Projects of European Comunity

Integrated Flood Risk Analysis and Management Methodologies

Head of project: Prof. Ing. Jaroslav Pollert, DrSc.
Project homepage:

Problem to solved

The management of flood risk is a critical component of public safety and quality of life. The FLOODsite Integrated Project will produce improved understanding of specific flood processes and mechanism and methodologies for flood risk analysis and management ranging from the high level management of risk at a river – basin, estuary and coastal process cell scale down to the detailed assessment in specific areas. It includes specific actions on the hazard of coastal extremes, coastal morphodynamics and flash flood forecasting, as well as understanding of social vulnerability and flood impacts, which are critical to improving the mitigation of flood risk from all causes. The project seeks to identify technologies and strategies for sustainable flood mitigation and defence, recognising the complex interaction between natural bio-physical system and socio-economics systems, to support spatial and policy planning in the context of global change and societal advance. Several pilot studies are included in FLOODsite. These will identify lessons from recent floods (e.g. Elbe, 2002), and test the proposed operational use of methods on integrated risk management and suistanable flood defence (the Thames and scheldt Estuaries, the Elbe river basin and the Ebro coastal delta) or new technology for flash flood forecasting (in France and Italy). FLOODsite will also develop common language, guidance and tools for dissemination of the project results and professional training packages. FLOODsite will build upon the previous and current European and national research and practise in river and coastal flood processes and flood risk mitigation methods to promote consistency of approach.

Assessing Infiltration and Exfiltration on the Performance of Urban Sewer Systems (APUSS)

Head of project: Prof.Ing. Jaroslav Pollert, DrSc.
Contact person: Ing. David Kohout, Ing. Ivan Princ
Project homepage:

Problem to solved

Urban sewer systems (USS) constitute a very significant patrimony in European cities. Their structural quality and functional efficiency are key parameters to guarantee the transfer of domestic and trade wastewater to treatment plants without neither infiltration nor exfiltration. Infiltration of groundwater is particularly detrimental to treatment plant efficiency (hydraulic overloading due to the infiltrated volume of water which can reach up to 100 % of the wastewater volume in some cities, dilution of pollutant concentrations which leads to a lower pollutant removal efficiency), while exfiltration of wastewater can lead to groundwater contamination (especially where groundwater is a water resource for drinking water production). Both problems are critical on a long-term basis for sustainable urban water management and have important economic consequences for cities and sewer systems operators through the EU. The participants in the project, associated with cities and sewer operators concerned by these problems, have complementary knowledge and experiences they have decided to bring together in order to propose methods and tools to assess infiltration / exfiltration rates on more serious and scientific basis than before, and to help cities and operators to define better investment and rehabilitation strategies.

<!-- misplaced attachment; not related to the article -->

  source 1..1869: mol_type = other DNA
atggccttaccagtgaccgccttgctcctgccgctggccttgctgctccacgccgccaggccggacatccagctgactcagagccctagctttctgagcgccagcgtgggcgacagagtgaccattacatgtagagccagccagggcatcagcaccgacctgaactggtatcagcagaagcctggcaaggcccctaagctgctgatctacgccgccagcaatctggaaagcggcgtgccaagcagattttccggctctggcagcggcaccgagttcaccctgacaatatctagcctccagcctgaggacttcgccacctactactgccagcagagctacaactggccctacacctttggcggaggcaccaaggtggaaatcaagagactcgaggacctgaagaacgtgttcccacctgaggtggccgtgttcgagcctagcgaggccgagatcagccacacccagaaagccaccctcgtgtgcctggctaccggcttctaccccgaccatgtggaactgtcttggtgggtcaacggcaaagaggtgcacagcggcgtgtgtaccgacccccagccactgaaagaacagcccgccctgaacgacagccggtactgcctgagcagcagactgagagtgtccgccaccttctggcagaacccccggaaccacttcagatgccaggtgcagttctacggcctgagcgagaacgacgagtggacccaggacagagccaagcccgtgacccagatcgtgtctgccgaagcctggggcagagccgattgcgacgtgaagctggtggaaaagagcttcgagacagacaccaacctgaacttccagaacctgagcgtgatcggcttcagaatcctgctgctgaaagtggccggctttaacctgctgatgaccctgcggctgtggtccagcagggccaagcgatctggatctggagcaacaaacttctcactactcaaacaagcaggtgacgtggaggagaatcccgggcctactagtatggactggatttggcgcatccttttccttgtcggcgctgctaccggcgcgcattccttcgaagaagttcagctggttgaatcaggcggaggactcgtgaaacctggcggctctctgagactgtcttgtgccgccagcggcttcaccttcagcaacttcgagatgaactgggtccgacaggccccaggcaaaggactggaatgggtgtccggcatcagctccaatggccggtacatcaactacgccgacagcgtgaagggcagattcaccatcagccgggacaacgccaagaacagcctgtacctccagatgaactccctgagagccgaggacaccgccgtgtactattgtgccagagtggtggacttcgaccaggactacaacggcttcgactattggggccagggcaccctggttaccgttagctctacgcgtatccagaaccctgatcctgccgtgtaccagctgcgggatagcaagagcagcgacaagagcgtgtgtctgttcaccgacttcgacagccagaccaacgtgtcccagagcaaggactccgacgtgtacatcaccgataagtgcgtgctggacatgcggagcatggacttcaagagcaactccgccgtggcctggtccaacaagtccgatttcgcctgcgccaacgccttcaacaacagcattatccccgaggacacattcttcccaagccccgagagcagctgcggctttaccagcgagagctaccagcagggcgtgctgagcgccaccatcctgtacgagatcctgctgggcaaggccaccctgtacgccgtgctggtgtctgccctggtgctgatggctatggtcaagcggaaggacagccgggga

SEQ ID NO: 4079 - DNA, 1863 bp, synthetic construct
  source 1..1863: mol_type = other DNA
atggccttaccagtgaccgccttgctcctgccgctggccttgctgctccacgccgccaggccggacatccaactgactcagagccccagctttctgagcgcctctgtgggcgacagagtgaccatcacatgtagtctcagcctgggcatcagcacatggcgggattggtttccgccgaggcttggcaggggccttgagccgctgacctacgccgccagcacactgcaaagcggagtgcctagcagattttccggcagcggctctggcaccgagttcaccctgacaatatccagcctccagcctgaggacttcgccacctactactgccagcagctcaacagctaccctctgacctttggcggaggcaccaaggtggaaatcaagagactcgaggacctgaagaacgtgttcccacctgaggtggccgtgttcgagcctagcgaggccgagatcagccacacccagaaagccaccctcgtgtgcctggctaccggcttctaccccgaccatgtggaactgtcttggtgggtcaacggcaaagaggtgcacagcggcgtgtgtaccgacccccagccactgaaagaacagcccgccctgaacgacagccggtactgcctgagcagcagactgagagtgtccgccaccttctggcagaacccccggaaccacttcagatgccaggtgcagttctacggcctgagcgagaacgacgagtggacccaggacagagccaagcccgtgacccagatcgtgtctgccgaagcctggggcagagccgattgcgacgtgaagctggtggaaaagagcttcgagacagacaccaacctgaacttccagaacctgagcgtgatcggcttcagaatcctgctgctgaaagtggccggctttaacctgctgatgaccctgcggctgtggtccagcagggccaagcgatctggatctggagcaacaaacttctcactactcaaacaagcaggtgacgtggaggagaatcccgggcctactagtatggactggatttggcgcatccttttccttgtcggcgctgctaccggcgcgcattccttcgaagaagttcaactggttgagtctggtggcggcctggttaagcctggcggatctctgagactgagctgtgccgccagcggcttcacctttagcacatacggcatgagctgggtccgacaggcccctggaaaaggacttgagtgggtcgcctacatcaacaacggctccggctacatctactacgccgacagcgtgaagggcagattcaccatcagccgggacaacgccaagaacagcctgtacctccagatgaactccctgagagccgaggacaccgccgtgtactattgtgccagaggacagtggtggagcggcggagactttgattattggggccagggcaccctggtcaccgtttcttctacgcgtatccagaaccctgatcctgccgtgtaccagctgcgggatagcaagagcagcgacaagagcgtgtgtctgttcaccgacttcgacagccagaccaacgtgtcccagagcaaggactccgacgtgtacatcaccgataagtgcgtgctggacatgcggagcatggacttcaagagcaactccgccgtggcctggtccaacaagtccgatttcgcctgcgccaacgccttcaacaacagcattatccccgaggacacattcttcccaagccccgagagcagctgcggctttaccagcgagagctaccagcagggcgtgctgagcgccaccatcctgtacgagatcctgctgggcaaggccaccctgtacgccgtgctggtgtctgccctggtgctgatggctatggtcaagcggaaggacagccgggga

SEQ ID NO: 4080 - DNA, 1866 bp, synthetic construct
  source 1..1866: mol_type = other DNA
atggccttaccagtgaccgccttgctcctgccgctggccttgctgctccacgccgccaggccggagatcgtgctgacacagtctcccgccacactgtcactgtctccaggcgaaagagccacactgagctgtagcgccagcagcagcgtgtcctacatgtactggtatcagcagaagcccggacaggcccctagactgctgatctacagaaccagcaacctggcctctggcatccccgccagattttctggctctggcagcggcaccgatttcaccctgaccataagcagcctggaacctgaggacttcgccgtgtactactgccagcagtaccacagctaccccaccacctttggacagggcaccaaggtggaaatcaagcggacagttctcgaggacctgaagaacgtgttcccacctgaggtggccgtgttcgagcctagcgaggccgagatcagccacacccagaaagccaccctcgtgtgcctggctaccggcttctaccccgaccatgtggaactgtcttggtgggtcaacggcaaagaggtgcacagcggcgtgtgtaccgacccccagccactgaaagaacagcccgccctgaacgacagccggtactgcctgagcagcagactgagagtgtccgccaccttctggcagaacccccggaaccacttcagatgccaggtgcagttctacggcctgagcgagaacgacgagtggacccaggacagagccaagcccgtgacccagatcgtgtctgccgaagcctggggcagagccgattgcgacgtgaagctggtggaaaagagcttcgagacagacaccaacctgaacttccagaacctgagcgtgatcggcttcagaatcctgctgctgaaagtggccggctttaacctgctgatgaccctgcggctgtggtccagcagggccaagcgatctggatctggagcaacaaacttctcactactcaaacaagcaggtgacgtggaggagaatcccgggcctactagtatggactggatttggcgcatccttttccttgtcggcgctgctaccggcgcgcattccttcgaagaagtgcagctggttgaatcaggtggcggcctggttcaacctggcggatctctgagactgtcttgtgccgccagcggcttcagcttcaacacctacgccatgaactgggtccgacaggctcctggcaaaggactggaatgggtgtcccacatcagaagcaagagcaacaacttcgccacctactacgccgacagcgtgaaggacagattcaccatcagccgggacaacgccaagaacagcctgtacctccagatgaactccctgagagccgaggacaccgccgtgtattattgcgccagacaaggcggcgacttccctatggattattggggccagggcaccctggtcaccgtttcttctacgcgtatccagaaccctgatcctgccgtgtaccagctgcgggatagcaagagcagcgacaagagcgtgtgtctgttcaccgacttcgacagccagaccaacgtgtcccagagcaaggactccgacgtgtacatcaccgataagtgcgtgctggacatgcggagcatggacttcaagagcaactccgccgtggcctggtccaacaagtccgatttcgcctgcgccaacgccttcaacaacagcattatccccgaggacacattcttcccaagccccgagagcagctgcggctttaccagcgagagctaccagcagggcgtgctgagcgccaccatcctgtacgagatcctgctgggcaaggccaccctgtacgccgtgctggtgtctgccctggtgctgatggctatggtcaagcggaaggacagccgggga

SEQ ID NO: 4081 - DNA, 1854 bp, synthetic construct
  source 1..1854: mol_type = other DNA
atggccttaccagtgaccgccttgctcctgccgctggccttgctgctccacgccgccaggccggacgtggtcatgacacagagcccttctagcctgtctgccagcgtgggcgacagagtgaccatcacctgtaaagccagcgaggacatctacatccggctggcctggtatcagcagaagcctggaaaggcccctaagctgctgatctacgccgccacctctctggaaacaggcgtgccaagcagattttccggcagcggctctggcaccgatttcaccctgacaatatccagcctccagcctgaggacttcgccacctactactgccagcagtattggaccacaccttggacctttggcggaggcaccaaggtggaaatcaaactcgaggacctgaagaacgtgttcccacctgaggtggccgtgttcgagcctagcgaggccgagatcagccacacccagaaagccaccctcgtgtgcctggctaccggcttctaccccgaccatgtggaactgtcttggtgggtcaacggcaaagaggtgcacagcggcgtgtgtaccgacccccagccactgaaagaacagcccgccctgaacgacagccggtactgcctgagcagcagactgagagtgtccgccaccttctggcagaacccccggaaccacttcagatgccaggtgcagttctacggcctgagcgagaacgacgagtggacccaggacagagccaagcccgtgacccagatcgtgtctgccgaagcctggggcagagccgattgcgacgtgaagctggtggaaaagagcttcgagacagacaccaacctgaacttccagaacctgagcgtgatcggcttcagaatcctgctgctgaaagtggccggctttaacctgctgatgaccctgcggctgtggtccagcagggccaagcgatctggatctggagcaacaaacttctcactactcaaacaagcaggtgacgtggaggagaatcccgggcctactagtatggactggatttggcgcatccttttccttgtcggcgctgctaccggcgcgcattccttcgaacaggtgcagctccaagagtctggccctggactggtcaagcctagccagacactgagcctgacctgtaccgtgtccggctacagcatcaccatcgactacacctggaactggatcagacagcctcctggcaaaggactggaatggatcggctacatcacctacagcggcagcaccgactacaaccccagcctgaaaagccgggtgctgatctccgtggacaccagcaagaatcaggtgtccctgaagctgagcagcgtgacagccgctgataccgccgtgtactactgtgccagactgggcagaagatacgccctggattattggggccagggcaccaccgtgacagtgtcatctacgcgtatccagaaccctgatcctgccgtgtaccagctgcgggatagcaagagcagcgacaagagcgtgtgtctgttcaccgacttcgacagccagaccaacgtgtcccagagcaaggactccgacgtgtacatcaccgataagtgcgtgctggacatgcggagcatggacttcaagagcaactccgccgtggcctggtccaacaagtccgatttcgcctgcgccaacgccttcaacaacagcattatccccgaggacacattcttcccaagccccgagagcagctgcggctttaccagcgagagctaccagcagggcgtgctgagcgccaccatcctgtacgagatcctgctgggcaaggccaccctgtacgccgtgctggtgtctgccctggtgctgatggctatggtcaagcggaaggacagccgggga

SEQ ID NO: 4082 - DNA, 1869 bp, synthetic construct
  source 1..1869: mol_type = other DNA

Description of the work

Leaky house connections are assumed to contribute to a major extent to the infiltration of groundwater to the sewer system on the one hand and losses of domestic wastewater on the other hand. The objective of this work package is to give answers to question such as : What percentage of domestic wastewater reaches the system ? Or what determines the amount of drainage water in house connections?
The project is concentrate on on a very local scale, it is investigate individual house connections or small catchement with few house connections. Three different areas (historical centre, modern block of flats, residential area. In the first step the structural state of several connections in each area will be examined with the help of TV cameras in order to find the leaks and their causes e.g. cracks, orrosion. The infiltration to house connections can be quantified e.g. by volumetric method. The infiltration from house connections can be quantified e.g. by pressure drop in time after stopping the connection at the downstream end. Measuring in situ is supported by work on the laboratory test rig.
The aim of project will be to check the plausibility of statistical scaling up with field tests in larger catchments. The tools for this are water balances for closed regions, combining monitoring of drinking water input. The balances will enable to improve the model developed in the first part and to involve other possibility relevant parameters ( traffic density , groundwater level, type of around soil etc.)